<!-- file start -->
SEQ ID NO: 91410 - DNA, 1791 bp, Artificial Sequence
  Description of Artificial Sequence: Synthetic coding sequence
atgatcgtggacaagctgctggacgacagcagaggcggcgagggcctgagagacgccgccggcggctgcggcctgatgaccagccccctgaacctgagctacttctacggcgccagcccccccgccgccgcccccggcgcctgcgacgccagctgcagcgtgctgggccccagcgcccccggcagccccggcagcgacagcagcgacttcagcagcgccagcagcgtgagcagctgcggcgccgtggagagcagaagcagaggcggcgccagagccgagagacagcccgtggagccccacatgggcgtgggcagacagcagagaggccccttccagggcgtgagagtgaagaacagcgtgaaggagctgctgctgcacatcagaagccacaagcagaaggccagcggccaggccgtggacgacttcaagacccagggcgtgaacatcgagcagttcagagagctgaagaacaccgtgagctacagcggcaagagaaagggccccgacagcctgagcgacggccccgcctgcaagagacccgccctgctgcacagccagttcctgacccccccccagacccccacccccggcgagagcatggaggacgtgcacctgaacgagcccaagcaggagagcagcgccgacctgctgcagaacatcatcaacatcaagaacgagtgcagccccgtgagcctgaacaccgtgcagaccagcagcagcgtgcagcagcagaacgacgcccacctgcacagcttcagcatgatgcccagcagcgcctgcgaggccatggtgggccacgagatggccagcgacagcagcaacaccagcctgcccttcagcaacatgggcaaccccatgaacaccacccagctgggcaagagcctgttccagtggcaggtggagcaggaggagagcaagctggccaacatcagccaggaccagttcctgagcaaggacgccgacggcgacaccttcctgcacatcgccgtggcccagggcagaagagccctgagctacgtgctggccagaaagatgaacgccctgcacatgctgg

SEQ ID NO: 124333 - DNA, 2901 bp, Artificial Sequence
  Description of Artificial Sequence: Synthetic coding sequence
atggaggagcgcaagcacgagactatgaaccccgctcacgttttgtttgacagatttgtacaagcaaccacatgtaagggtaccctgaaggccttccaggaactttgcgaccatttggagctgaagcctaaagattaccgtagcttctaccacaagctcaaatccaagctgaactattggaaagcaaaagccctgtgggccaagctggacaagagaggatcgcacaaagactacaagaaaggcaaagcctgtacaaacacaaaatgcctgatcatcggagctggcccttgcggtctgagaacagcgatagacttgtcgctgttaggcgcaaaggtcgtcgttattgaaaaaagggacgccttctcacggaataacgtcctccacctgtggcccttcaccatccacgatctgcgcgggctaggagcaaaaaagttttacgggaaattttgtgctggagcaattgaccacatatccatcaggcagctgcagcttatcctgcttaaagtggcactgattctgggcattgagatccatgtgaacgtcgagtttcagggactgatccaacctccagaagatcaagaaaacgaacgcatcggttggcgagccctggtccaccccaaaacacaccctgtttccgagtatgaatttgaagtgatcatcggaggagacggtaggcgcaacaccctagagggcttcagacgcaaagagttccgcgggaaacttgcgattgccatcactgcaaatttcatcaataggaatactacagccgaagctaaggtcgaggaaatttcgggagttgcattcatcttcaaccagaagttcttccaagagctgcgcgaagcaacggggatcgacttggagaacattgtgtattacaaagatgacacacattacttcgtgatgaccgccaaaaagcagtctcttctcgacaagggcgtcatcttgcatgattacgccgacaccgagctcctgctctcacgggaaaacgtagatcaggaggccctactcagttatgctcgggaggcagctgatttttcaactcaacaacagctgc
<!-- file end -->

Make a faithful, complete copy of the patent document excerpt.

SEQ ID NO: 91410 - DNA, 1791 bp, Artificial Sequence
  Description of Artificial Sequence: Synthetic coding sequence
atgatcgtggacaagctgctggacgacagcagaggcggcgagggcctgagagacgccgccggcggctgcggcctgatgaccagccccctgaacctgagctacttctacggcgccagcccccccgccgccgcccccggcgcctgcgacgccagctgcagcgtgctgggccccagcgcccccggcagccccggcagcgacagcagcgacttcagcagcgccagcagcgtgagcagctgcggcgccgtggagagcagaagcagaggcggcgccagagccgagagacagcccgtggagccccacatgggcgtgggcagacagcagagaggccccttccagggcgtgagagtgaagaacagcgtgaaggagctgctgctgcacatcagaagccacaagcagaaggccagcggccaggccgtggacgacttcaagacccagggcgtgaacatcgagcagttcagagagctgaagaacaccgtgagctacagcggcaagagaaagggccccgacagcctgagcgacggccccgcctgcaagagacccgccctgctgcacagccagttcctgacccccccccagacccccacccccggcgagagcatggaggacgtgcacctgaacgagcccaagcaggagagcagcgccgacctgctgcagaacatcatcaacatcaagaacgagtgcagccccgtgagcctgaacaccgtgcagaccagcagcagcgtgcagcagcagaacgacgcccacctgcacagcttcagcatgatgcccagcagcgcctgcgaggccatggtgggccacgagatggccagcgacagcagcaacaccagcctgcccttcagcaacatgggcaaccccatgaacaccacccagctgggcaagagcctgttccagtggcaggtggagcaggaggagagcaagctggccaacatcagccaggaccagttcctgagcaaggacgccgacggcgacaccttcctgcacatcgccgtggcccagggcagaagagccctgagctacgtgctggccagaaagatgaacgccctgcacatgctgg

SEQ ID NO: 124333 - DNA, 2901 bp, Artificial Sequence
  Description of Artificial Sequence: Synthetic coding sequence
atggaggagcgcaagcacgagactatgaaccccgctcacgttttgtttgacagatttgtacaagcaaccacatgtaagggtaccctgaaggccttccaggaactttgcgaccatttggagctgaagcctaaagattaccgtagcttctaccacaagctcaaatccaagctgaactattggaaagcaaaagccctgtgggccaagctggacaagagaggatcgcacaaagactacaagaaaggcaaagcctgtacaaacacaaaatgcctgatcatcggagctggcccttgcggtctgagaacagcgatagacttgtcgctgttaggcgcaaaggtcgtcgttattgaaaaaagggacgccttctcacggaataacgtcctccacctgtggcccttcaccatccacgatctgcgcgggctaggagcaaaaaagttttacgggaaattttgtgctggagcaattgaccacatatccatcaggcagctgcagcttatcctgcttaaagtggcactgattctgggcattgagatccatgtgaacgtcgagtttcagggactgatccaacctccagaagatcaagaaaacgaacgcatcggttggcgagccctggtccaccccaaaacacaccctgtttccgagtatgaatttgaagtgatcatcggaggagacggtaggcgcaacaccctagagggcttcagacgcaaagagttccgcgggaaacttgcgattgccatcactgcaaatttcatcaataggaatactacagccgaagctaaggtcgaggaaatttcgggagttgcattcatcttcaaccagaagttcttccaagagctgcgcgaagcaacggggatcgacttggagaacattgtgtattacaaagatgacacacattacttcgtgatgaccgccaaaaagcagtctcttctcgacaagggcgtcatcttgcatgattacgccgacaccgagctcctgctctcacgggaaaacgtagatcaggaggccctactcagttatgctcgggaggcagctgatttttcaactcaacaacagctgc